Understanding your energy usage
At the start of April, millions of households saw their annual energy bills go up by almost £100.
The hikes followed the decision by regulator, Ofgem, to increase the price cap for standard variable tariffs from £1,042 a year to £1,138 a year.
If you have never switched supplier – or haven’t done so in the past year or so – it’s likely you’re on one of these standard or ‘default’ tariffs. Typically, these tend to be the most expensive type of tariff.
While price hikes are never easy to stomach, many consumers are already struggling financially right now due to the pandemic and multiple lockdowns.
With this in mind, these latest increases in gas and electricity bills will be especially unwelcome.
That said, the good news is, there are plenty of simple steps you can take to keep energy costs under control.
While you might assume the price cap will protect you from price hikes, this is unlikely to be the case.
As there are a host of tariffs currently available which are more competitive than the price cap, the best way to reduce costs is by switching to a cheaper fixed deal.
Contrary to popular belief, moving to a new energy supplier isn’t time-consuming or complicated. If you use a comparison site, it should only take you a matter of minutes to find a cheaper quote.
Fears about disruption to your service are also unfounded, as you still get the same gas and electricity through the same pipes and wires.
Here at MoneySuperMarket, we can help you find the right deal for your needs. Carry out a comparison, and you may be able to save more than £306* on your bills. To find out more head here.
Aside from switching, there are plenty of other quick and easy steps you can take this spring to bring down your energy bills. And lots of those don’t even require you to go beyond your kitchen. Here we take a closer look.
If you’ve yet to try a slow cooker, this spring could be a great time to do so. Simply fill it with the requisite ingredients at the start of the day, and a delicious dinner will be ready for the whole family by the time you want to eat in the evening. Better still, the whole thing will have been cooked energy-efficiently.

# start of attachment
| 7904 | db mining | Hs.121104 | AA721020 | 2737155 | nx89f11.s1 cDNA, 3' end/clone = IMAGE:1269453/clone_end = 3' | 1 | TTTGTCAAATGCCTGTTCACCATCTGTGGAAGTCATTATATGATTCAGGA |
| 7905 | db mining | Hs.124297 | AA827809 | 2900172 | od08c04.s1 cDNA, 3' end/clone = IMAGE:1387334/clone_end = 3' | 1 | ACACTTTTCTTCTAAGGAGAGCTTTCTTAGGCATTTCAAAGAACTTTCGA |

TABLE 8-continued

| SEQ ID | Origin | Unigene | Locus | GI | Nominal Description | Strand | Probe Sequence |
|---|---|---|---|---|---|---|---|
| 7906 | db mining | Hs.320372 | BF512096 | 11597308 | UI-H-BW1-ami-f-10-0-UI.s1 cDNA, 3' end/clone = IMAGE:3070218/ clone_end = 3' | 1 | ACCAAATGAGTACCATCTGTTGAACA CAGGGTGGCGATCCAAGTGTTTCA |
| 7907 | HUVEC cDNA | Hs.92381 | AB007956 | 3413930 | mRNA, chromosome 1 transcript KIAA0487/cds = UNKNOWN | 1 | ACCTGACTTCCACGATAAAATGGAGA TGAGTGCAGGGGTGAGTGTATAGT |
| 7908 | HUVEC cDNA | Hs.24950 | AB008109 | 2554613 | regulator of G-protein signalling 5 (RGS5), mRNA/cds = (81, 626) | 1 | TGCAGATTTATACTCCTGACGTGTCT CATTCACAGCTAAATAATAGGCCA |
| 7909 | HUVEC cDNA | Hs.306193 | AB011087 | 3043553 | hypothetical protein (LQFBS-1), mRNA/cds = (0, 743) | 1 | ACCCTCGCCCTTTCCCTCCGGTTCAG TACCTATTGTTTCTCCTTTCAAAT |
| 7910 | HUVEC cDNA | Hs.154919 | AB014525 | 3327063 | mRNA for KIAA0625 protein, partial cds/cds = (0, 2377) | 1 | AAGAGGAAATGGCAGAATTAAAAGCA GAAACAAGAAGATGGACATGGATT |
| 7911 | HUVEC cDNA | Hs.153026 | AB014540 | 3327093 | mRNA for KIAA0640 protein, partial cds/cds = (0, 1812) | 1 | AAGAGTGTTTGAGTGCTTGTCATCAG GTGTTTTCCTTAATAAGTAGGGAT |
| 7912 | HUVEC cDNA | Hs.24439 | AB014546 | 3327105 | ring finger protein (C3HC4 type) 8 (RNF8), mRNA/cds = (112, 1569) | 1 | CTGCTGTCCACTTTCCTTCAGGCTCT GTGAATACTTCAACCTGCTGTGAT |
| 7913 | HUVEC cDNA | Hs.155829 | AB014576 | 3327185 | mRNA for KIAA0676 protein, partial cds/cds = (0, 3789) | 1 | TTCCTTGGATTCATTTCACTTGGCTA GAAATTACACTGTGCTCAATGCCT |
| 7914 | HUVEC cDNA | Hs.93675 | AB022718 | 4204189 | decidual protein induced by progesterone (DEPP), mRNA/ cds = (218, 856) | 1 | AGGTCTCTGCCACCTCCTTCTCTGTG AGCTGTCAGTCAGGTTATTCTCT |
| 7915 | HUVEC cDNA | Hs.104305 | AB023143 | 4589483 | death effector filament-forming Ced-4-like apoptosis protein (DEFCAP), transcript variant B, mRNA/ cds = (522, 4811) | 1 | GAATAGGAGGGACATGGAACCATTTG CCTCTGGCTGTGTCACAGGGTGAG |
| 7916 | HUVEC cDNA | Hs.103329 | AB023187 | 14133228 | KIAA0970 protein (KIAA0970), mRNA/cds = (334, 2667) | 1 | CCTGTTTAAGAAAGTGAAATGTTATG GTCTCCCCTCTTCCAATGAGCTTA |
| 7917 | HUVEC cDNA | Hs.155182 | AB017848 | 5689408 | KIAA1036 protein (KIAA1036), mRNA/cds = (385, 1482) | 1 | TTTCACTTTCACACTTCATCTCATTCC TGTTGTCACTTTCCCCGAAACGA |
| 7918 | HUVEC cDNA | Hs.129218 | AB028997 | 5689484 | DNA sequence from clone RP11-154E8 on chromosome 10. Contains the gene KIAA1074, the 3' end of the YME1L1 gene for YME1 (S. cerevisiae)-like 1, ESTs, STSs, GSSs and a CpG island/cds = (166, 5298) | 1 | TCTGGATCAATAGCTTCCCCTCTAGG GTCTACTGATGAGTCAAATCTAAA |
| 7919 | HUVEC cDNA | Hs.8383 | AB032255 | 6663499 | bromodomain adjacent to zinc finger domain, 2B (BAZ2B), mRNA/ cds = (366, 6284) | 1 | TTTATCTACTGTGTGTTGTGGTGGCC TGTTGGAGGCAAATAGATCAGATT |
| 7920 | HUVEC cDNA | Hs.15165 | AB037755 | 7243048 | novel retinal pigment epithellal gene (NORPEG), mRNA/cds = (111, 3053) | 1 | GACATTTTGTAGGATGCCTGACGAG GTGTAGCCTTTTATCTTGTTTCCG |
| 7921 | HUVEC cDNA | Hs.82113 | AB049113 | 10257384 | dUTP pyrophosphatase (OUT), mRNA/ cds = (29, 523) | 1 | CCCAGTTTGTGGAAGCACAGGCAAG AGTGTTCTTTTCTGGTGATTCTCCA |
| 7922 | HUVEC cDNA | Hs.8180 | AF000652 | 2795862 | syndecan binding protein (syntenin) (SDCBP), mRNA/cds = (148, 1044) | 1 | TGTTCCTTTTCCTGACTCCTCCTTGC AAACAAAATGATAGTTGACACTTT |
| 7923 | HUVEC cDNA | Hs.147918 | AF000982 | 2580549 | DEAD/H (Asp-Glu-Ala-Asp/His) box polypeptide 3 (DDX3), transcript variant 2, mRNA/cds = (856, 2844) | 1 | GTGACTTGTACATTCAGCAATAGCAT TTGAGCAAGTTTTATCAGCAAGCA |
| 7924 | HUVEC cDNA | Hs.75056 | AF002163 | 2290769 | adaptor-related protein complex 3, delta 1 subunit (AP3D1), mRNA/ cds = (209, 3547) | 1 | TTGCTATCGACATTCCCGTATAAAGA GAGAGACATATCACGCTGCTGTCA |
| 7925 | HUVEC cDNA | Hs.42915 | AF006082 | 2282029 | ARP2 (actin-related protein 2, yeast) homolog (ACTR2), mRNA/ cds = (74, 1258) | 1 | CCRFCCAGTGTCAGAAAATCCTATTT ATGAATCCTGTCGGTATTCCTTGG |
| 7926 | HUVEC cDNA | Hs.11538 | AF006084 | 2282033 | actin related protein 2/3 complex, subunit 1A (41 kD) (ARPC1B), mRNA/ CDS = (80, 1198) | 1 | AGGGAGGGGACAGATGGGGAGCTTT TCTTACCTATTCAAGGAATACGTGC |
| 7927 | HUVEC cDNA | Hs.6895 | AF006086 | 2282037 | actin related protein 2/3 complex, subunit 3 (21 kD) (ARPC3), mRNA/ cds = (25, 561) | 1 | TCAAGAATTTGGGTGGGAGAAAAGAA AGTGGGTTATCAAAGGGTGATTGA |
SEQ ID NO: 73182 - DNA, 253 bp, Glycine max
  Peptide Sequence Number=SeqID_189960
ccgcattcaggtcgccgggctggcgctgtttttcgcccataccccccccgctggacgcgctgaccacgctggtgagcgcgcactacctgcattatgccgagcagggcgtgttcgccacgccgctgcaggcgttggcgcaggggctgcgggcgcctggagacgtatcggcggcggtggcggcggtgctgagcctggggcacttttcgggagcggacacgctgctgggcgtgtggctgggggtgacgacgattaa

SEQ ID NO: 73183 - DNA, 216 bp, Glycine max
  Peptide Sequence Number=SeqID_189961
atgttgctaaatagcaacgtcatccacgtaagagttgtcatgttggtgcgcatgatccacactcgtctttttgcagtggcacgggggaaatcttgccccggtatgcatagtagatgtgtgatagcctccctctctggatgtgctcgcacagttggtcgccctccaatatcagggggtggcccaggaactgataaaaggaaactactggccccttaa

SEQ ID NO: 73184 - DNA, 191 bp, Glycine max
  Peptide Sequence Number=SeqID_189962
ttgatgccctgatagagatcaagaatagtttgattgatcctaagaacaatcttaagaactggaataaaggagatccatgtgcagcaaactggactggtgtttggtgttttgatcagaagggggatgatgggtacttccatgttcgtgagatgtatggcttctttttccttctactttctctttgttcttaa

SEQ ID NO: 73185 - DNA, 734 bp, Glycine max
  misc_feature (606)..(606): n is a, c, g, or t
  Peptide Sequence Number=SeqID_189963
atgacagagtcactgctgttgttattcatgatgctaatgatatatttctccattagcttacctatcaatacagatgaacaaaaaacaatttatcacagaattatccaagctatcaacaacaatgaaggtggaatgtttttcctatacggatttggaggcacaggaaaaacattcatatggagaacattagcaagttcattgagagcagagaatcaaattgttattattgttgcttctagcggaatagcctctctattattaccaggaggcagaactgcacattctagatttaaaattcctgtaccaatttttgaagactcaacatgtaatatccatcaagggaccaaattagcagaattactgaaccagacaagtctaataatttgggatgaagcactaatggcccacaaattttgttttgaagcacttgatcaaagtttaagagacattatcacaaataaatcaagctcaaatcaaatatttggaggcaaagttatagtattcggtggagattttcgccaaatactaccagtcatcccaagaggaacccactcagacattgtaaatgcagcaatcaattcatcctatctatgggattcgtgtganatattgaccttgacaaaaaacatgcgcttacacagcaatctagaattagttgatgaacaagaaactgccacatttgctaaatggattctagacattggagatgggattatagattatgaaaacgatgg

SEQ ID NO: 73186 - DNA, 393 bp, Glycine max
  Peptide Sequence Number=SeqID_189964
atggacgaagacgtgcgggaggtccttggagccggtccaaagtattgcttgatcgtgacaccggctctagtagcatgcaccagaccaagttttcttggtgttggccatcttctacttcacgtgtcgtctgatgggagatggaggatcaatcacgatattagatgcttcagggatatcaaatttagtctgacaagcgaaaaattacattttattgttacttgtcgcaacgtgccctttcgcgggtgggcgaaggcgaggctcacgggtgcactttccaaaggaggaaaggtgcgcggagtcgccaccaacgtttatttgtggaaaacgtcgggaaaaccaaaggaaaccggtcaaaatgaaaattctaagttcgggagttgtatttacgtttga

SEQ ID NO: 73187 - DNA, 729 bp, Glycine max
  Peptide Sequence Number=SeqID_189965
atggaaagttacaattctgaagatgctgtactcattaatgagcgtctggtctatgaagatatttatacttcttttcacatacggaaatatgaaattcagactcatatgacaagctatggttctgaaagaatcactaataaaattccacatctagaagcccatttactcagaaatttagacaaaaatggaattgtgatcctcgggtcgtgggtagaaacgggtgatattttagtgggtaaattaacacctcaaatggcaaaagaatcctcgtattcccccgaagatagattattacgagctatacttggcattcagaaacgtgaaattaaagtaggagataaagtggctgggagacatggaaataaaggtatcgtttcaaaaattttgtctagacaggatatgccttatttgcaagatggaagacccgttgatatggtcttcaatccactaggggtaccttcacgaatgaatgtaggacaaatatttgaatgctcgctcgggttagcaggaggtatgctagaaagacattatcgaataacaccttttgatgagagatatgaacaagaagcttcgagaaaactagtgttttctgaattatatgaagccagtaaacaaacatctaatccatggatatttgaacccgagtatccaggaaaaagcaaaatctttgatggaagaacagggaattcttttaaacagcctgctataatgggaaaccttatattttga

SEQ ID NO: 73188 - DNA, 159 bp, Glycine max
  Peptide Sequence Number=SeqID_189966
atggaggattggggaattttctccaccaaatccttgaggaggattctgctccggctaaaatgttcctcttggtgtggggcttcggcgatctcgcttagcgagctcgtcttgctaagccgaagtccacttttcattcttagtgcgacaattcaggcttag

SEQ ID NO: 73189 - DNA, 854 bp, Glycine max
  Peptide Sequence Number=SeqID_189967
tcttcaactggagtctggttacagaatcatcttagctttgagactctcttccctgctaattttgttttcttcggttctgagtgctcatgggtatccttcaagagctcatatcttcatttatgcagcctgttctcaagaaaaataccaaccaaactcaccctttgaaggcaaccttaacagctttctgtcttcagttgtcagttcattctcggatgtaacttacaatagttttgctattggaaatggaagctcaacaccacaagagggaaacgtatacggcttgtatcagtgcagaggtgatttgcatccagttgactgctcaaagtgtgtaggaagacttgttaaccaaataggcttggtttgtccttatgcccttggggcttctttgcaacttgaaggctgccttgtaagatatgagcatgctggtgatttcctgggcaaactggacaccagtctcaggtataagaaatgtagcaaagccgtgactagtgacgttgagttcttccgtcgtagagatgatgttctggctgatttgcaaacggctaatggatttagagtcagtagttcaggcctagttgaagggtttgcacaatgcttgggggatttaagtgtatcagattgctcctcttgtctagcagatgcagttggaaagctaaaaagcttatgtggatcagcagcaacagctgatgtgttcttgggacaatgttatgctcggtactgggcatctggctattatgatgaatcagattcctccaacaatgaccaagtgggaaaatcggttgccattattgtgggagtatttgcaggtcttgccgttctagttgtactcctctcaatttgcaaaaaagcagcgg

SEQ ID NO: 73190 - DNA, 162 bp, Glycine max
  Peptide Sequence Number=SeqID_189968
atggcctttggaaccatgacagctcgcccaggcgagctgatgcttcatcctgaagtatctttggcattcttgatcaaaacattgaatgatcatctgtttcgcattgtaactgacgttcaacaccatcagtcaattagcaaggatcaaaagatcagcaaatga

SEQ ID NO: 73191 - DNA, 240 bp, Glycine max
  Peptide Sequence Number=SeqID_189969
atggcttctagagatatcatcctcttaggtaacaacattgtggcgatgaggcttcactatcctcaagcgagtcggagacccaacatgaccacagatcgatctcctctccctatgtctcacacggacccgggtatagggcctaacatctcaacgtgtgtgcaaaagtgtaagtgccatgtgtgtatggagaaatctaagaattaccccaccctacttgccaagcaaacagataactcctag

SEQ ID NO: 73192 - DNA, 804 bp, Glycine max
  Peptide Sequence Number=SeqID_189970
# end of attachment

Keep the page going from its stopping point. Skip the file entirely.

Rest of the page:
If you’re only cooking for one, save energy by using the microwave to warm up your dinner. This is a lot more efficient than switching on your big oven.
Always put lids on pots and pans. The water will boil more quickly and reduce the amount of energy you need to heat your food.
When you’ve got food cooking in the oven, keep the door firmly shut. If not, you’ll let the expensive hot air inside escape and waste energy. Peer through the glass door instead to see how things are doing.
If temperatures drop a little this spring, then use the heat generated while you cook to warm your house.
Simply leave the oven door after you’ve finished so surplus heat can transfer to the rest of your rooms.
You could also think about turning down your thermostat a little as the weather starts to get warmer. Nudging it down one degree Celsius could save you around £75 a year on your heating bills.
By allowing food to warm up before you start cooking, you’re not starting from such a cold temperature, meaning it will cook more quickly – so less energy is required.
Equally, never put hot food straight into the fridge, as the fridge will use a lot of energy just cooling it down. Give it time to cool first by leaving it out on the work surface – ideally covered to keep it fresh.
Try and keep both your fridge and freezer at least three-quarters full. That way, they don’t have to waste energy heating empty air. If your freezer is often empty, add some jugs or bottles of water to help it stay cool more efficiently. Better still, as summer approaches, why not stash it full of ice creams and lollies?
While you can’t switch off fridges or freezers, you can save money by turning off other appliances when you’re not using them.
If you leave your dishwasher, microwave, and electric oven on standby, they will eat up electricity. Get into the habit of switching off these appliances at the wall.
By remembering to switch devices off standby, you can save around £30 a year.
Only start your dishwasher when it is full, as this will make the best use of the water and energy required to clean a load. For the best results, stack dishes neatly in the trays. Further savings can be made by lowering the temperature a little.
Finally, many of us are guilty of filling the kettle up to the brim when we want a cuppa. But this spring, try heating just the right amount of water. By filling the kettle correctly, you could snip a neat £7 off your bills.
*30% of consumers that applied to switch via MoneySuperMarket saved at least £306.38, March-December 2020. Excludes NI, CI & IOM
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